Black History Month: If You Could Meet Any Historical Black Figure Today, Who Would It Be?

This was tough for me to come up with a selected number of black prominent figures in the course of history, pioneers and ground breakers, who not only had a positive influence on the black community, but as well as the rest of the world.  Even as an African-American sits in powerful positions at more than any other time during the history of our nation, we have to ask ourselves, are we still in a crisis?

We also have to acknowledge that many of our Black heroes have gone unrecognized for their contributions, in which their significance to society is now being rediscovered.  Don’t view this post simply as a top ten list; instead, leave a comment below explaining if there’s any Black American on or off the list of photos I included in this post, in which you would have liked an opportunity to meet them, and why?  Regardless of who you choose, my overall point is that there’s never been a more critical time for us to turn our full on attention onto leadership in our community and recognizing the value we have on each other’s lives.

Continue reading “Black History Month: If You Could Meet Any Historical Black Figure Today, Who Would It Be?”

Black History Month: Annette Gordon-Reed, Pulitzer Prize-winning Author

Annette_Gordon_Reed_Author_Black_History_Month_Pulitzer_Prize_Harvard_University_Law_School_Dartmouth_College_Education_Inspiration
Photo Credit:  Jerry Bauer

Creator spotlight to acknowledge and celebrate black history makers

“Love has been many things throughout history: the simple comfort of the familiar, having a person to know and being known by that person in return; a connection born of shared experiences, an irrational joy in another’s presence; a particular calming influence that one member of the couple may exert on the other, or that they both provide to one another. A combination of all these and myriad other things can go into making one person wish to stay tied to another. Anyone who is not in the couple–that is, everyone else in the world–will not understand precisely how or why it works for two people.” – Annette Gordon-Reed, The Hemingses of Monticello:  An American Family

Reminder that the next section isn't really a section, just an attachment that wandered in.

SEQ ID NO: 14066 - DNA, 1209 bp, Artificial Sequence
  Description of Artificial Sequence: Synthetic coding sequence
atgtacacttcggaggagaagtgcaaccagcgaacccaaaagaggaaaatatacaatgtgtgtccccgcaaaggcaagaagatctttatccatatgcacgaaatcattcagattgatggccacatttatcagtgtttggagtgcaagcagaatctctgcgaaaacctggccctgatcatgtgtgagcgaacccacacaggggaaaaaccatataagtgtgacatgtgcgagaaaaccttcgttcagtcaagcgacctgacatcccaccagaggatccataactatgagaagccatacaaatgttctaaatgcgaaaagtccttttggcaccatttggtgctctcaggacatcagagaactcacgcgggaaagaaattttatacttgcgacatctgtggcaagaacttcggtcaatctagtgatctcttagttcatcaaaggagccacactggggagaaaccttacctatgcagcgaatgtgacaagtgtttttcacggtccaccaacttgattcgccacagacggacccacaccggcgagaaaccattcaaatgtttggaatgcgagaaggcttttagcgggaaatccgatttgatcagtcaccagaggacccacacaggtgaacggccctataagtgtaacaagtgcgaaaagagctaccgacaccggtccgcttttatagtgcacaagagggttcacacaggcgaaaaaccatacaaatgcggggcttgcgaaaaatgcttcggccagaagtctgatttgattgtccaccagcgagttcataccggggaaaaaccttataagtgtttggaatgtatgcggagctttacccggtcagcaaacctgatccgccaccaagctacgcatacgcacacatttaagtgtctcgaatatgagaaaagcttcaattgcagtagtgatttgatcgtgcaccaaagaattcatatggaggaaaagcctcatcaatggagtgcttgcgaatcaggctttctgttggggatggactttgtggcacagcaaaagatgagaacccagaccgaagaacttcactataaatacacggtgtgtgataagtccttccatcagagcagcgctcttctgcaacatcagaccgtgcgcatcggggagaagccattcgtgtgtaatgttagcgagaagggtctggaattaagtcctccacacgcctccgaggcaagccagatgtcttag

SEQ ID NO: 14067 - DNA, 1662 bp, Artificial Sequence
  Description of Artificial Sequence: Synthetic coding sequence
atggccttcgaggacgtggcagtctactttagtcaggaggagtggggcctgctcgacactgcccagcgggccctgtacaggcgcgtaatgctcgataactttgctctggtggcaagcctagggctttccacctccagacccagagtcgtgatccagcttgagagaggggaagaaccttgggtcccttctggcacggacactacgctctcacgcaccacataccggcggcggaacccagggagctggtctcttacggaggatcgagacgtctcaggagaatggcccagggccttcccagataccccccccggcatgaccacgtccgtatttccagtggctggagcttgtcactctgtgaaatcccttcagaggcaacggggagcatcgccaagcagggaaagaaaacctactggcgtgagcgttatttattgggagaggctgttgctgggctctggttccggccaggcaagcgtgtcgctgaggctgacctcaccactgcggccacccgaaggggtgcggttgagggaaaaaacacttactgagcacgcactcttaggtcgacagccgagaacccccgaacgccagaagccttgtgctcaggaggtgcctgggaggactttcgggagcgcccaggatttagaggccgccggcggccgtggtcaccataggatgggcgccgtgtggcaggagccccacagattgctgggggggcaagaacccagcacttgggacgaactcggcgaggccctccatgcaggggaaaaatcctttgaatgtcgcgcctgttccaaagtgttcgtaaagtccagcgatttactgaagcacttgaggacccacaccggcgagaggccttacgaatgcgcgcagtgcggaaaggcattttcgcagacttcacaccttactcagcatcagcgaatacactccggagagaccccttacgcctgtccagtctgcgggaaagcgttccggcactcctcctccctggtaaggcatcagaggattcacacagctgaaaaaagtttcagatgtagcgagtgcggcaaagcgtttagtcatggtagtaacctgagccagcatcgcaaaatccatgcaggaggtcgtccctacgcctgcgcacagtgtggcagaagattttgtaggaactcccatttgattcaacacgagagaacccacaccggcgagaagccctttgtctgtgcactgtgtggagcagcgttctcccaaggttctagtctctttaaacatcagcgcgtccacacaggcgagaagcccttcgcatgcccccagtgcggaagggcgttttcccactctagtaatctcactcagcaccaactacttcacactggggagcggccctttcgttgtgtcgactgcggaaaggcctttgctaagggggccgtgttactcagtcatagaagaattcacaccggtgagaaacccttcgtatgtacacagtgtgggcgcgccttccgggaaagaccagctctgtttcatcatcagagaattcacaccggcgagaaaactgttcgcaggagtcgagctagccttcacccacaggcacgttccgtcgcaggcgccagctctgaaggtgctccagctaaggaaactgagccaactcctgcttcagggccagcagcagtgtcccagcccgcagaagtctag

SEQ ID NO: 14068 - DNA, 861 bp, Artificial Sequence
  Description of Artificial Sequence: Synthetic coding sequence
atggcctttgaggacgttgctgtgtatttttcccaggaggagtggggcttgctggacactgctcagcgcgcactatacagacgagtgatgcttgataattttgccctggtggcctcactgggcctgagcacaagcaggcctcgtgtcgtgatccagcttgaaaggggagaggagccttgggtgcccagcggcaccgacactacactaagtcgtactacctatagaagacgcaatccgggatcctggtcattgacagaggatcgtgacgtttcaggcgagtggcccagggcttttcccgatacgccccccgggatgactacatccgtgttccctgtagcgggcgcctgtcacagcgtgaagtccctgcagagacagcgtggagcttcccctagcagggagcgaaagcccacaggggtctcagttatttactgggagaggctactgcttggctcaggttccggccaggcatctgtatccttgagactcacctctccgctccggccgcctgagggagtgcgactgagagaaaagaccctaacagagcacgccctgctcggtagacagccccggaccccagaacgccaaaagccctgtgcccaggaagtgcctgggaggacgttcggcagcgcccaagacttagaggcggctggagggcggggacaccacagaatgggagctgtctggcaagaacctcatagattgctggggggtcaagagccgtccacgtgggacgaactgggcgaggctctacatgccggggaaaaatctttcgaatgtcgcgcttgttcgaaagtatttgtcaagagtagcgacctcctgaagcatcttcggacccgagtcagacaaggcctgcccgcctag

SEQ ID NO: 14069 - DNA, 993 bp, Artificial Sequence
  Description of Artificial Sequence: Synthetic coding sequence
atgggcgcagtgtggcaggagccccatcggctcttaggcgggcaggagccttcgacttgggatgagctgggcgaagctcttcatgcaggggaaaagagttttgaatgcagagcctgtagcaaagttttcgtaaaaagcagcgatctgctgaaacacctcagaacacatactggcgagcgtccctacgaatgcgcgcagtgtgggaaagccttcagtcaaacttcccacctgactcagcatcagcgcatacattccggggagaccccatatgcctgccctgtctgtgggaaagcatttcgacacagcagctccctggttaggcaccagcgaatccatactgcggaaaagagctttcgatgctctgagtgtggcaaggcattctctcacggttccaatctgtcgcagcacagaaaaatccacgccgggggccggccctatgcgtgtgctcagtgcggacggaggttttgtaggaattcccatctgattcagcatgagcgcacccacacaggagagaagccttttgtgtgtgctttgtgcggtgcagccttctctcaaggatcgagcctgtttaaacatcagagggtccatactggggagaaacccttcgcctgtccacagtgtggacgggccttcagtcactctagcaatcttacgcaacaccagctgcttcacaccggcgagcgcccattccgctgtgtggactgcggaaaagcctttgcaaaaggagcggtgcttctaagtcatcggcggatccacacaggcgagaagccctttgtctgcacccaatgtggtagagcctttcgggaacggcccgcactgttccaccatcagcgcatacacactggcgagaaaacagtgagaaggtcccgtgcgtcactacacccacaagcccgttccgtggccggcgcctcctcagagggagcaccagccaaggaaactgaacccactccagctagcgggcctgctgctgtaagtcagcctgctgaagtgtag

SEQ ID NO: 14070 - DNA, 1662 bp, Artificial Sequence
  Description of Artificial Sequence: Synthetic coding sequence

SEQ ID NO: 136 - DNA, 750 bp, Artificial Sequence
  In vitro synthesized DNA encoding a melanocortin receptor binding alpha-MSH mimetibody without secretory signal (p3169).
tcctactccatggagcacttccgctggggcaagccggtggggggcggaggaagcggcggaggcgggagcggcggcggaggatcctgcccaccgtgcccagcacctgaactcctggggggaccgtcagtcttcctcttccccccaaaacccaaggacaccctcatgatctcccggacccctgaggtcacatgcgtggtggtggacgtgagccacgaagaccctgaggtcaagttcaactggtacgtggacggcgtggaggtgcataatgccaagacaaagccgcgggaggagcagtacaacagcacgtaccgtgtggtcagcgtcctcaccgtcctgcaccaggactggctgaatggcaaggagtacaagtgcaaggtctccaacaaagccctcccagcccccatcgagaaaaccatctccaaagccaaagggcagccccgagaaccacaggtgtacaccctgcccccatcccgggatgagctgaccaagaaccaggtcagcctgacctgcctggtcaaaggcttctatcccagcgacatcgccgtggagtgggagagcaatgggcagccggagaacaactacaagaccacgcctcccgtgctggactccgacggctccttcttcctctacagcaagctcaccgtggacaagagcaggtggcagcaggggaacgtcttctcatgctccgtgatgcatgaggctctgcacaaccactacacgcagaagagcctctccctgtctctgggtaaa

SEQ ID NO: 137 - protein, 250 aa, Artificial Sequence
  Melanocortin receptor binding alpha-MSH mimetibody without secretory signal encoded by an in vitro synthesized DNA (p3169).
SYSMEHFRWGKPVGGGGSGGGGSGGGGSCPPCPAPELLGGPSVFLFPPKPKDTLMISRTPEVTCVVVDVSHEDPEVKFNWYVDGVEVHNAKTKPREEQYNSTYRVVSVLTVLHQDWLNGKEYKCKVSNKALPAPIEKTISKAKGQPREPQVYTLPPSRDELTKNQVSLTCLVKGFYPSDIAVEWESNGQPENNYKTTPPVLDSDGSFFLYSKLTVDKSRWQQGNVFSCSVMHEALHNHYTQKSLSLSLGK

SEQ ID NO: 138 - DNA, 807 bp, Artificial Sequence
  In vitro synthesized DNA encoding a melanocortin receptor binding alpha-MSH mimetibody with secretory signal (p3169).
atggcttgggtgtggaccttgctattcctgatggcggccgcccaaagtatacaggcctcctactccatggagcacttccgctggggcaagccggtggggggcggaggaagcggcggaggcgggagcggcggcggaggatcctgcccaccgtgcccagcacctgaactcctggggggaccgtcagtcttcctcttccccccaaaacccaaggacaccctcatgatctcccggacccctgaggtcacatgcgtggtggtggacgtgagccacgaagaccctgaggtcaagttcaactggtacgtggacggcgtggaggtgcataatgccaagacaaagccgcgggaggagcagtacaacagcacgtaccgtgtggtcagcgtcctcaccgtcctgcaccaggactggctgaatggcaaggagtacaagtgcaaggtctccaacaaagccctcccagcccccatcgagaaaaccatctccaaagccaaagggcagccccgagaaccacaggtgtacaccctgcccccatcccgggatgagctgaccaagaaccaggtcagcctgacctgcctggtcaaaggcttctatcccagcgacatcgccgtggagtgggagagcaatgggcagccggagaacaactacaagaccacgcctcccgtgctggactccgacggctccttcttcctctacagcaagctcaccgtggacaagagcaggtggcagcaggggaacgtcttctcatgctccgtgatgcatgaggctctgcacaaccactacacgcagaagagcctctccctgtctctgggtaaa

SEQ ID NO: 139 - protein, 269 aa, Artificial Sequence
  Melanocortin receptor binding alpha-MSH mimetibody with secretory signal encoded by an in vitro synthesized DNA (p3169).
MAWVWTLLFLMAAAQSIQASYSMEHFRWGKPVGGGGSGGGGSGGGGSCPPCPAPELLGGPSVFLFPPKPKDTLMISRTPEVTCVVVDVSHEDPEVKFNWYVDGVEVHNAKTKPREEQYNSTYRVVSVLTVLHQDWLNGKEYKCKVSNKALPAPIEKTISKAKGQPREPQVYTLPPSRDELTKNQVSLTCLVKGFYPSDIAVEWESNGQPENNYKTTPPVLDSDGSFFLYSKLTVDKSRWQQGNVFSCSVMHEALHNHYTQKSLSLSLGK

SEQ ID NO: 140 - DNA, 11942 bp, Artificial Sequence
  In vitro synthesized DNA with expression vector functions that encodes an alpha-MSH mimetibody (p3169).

American historian and law professor, Annette Gordon-Reed, was the first African-American to win a Pulitzer Prize for History in 2009 for her book, The Hemingses of Monticello:  An american Family.  She also won 15 other prizes for the work she’s done during that year.  In 2010, she received the National Humanities Medal and was named a MacArthur Fellow.  Gordan-Reed was educated at Dartmouth College and Harvard Law School.  She is a Professor of Law and History at Harvard, and the Carol K. Pforzheimer Professor at the Raddiffe Institute for Advanced Study.

Continue reading “Black History Month: Annette Gordon-Reed, Pulitzer Prize-winning Author”

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